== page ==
Published on: October 17, 2013
by Douglas Cobb for Las Vegas Guardian Express:
Sleep disorders and sleep deprivation, a recent study has found, is linked to the onset of Alzheimer’s disease. The body needs adequate amounts of sleep, during which our brains get cleansed of the daily toxins they have accumulated. Without sufficient sleep, these toxins can build up, and destroy brain cells, according to researchers.
What is the fluid which cleanses our brains of accumulated toxins?
Think of cerebrospinal fluid as the Scrubbing Bubbles of our brains. While we’re asleep, our cerebrospinal fluid acts like the flood of waters Hercules released when he used them to clean out the Augean stables as one of his 12 labors.
The cerebrospinal fluid flows like a river in our brains and is elevated when we sleep, and it acts to wash away harmful proteins which have accumulated during the day, according to a study which was based on the sleep patterns of mice.
The flow of our cerebrospinal fluid both into and out of our brains during our sleep is controlled by our glymphatic systems. Our glymphatic systems become 10 percent more active while we sleep.
University of Rochester Professor of Neurosurgery Dr. Maiken Hedergaard, the author of a study in the journal Science, compared the way the cerebrospinal fluid scrubs waste proteins from our brains to a “dishwasher.”
If the results of this study on mice holds true with humans, it could be an explanation of why many people suffering from Alzheimer’s and other brain diseases also experience sleep disorders.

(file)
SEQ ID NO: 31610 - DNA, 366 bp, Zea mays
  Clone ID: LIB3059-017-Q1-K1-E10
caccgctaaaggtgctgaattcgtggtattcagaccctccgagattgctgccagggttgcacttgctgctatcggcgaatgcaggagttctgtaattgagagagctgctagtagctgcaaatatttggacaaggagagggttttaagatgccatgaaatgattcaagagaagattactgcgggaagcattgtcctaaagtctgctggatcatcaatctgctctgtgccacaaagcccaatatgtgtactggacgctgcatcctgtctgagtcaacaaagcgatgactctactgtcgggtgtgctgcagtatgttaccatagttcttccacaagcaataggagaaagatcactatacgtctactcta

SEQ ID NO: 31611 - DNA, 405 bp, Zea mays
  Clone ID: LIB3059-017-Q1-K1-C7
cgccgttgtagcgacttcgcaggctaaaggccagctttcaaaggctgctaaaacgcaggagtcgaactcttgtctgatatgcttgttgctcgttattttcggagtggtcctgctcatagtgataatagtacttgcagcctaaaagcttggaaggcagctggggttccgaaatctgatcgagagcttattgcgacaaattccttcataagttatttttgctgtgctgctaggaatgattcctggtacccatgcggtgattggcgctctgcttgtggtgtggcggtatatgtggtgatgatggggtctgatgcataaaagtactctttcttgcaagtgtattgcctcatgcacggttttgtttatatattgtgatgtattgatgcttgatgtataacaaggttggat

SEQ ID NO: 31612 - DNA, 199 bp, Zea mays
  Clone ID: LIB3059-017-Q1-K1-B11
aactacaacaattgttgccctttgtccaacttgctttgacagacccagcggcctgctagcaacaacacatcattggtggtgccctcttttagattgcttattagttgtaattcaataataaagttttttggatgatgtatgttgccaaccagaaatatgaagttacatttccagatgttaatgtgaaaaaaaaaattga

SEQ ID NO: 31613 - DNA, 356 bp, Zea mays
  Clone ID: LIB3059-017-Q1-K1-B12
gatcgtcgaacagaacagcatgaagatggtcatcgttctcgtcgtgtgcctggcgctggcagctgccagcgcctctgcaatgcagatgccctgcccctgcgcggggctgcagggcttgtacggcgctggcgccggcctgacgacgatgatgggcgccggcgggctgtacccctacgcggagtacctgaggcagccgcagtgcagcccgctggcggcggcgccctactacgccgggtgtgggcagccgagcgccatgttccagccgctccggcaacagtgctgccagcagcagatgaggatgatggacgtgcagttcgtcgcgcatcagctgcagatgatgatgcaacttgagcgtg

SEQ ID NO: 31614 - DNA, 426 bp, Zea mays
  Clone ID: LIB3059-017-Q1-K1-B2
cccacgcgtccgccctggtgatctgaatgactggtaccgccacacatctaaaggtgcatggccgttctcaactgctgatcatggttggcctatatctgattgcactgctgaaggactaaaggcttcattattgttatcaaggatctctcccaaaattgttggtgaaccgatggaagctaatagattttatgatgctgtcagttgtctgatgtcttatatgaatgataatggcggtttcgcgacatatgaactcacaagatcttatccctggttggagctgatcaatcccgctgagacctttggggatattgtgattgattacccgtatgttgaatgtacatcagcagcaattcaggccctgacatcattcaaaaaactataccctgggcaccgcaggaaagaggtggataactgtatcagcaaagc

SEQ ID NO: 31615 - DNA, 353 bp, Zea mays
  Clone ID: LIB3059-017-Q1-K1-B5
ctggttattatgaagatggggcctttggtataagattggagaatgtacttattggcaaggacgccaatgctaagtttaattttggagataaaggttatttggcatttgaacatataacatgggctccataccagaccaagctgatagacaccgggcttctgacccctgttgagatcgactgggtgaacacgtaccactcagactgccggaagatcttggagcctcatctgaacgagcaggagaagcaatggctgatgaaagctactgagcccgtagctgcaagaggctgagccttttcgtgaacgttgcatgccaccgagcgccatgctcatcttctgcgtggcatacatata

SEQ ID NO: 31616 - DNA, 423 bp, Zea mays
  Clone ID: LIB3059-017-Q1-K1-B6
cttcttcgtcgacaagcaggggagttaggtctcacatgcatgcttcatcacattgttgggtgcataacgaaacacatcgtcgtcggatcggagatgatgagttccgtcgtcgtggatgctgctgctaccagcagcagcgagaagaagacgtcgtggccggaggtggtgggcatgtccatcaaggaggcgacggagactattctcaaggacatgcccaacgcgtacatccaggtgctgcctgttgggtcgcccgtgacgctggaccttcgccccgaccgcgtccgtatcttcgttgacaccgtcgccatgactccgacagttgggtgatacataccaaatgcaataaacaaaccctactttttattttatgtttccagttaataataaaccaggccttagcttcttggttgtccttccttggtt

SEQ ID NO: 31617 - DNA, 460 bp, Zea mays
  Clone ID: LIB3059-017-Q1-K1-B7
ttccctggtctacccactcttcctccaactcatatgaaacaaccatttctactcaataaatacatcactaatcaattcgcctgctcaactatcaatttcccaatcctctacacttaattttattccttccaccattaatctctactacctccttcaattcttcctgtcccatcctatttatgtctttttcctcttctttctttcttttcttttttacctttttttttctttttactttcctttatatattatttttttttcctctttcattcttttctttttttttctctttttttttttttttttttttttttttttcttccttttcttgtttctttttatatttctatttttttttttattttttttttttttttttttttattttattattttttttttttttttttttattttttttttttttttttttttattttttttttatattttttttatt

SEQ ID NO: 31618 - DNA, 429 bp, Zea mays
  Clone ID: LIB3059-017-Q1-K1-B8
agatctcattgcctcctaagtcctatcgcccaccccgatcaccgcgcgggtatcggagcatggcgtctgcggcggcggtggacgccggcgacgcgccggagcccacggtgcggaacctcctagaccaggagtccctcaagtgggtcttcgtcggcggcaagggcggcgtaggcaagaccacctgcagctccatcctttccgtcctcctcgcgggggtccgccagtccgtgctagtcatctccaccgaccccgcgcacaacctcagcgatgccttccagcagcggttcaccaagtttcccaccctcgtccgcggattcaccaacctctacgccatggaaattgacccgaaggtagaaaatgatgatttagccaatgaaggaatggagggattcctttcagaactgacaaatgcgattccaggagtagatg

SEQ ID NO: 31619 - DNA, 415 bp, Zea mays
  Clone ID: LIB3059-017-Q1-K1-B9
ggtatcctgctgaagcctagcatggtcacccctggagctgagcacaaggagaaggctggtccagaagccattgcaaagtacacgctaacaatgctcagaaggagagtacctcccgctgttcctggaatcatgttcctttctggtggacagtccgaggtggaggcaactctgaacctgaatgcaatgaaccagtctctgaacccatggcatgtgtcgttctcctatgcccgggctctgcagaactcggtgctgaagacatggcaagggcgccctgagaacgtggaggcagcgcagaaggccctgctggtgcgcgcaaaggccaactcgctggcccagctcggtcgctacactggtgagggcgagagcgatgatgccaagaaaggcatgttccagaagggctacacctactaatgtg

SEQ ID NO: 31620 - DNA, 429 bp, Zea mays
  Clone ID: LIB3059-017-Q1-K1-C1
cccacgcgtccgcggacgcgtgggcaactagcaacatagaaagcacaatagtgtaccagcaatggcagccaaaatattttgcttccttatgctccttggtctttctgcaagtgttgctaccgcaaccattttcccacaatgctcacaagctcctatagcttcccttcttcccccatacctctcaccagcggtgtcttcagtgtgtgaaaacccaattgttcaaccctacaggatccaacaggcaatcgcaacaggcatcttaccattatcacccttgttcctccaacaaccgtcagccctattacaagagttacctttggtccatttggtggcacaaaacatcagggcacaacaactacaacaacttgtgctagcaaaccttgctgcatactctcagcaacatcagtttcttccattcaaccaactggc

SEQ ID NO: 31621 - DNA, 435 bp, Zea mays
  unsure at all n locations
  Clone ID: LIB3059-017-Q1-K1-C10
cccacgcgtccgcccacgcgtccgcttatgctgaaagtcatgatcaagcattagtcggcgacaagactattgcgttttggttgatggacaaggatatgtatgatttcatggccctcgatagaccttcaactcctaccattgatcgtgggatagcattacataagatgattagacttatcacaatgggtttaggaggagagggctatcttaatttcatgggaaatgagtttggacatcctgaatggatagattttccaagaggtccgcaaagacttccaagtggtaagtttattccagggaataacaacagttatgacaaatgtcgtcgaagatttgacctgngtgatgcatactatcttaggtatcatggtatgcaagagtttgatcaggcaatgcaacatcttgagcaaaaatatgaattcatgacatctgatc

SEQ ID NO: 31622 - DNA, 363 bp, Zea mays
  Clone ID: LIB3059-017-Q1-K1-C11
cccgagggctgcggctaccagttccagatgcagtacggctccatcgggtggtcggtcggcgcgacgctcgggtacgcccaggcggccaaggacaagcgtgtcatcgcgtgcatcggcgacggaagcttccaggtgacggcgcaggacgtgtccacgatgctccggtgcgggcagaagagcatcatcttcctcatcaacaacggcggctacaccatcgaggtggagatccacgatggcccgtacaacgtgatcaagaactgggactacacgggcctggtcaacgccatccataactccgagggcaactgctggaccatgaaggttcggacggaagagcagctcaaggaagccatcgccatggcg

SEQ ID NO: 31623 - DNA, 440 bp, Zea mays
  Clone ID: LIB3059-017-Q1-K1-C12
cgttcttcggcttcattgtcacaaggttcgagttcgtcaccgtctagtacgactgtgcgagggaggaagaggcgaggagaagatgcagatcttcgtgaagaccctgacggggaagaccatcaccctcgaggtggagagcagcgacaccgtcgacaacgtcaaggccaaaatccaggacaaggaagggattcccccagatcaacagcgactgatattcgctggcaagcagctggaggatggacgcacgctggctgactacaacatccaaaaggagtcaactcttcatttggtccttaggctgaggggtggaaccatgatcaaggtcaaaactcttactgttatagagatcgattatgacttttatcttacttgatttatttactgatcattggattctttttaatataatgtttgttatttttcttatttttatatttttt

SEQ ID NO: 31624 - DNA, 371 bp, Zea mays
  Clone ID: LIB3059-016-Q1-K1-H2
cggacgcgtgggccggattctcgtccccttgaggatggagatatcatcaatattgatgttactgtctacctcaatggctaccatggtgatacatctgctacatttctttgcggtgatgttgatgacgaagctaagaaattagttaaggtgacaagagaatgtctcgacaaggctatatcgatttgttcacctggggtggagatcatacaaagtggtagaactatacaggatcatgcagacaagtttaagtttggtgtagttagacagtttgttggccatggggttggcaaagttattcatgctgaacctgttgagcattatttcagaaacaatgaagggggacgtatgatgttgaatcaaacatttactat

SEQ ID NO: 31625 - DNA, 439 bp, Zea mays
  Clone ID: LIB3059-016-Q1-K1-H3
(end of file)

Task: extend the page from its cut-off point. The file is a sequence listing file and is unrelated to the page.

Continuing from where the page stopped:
It could also explain why we need sleep. Sleep is probably necessary for multiple reasons, but one of the most important of them is to allow our brains to have sufficient time to cleanse themselves of waste proteins.
How did Professor Nedergaard discover that cerebrospinal fluid acted like the Srubbing Bubbles of our brains?
It was while studying the sleeping patterns and brains of mice that Nedergaard and a team of her fellow scientists noticed the dramatic flow of cerebrospinal fluid into the brains of the mice when they were asleep.
According to Nedergaard, the cerebrospinal fluid of the mice was both being pumped into the brain and then removed from it “in a very rapid pace.”
Nedergaard and the other scientists also saw that the brain cells of the mice shrank by as much as 60 percent during the process. They theorized that this shrinkage possibly made it easier for the circulation of the fluid to occur. Upon waking up, the brain cells of the mice would enlarge again, going back to their regular size.
This coincided with the flow of the cerebrospinal fluid to slow down and practically stop, “almost like opening and closing a faucet,” according to Professor Nedergaard.
In a previous study which led up to this, Nedergaard and her team had discovered that the flow of cerebrospinal fluid in the brains of sleeping mice acted to scrub away and cleanse waste proteins that built up in-between brain cells.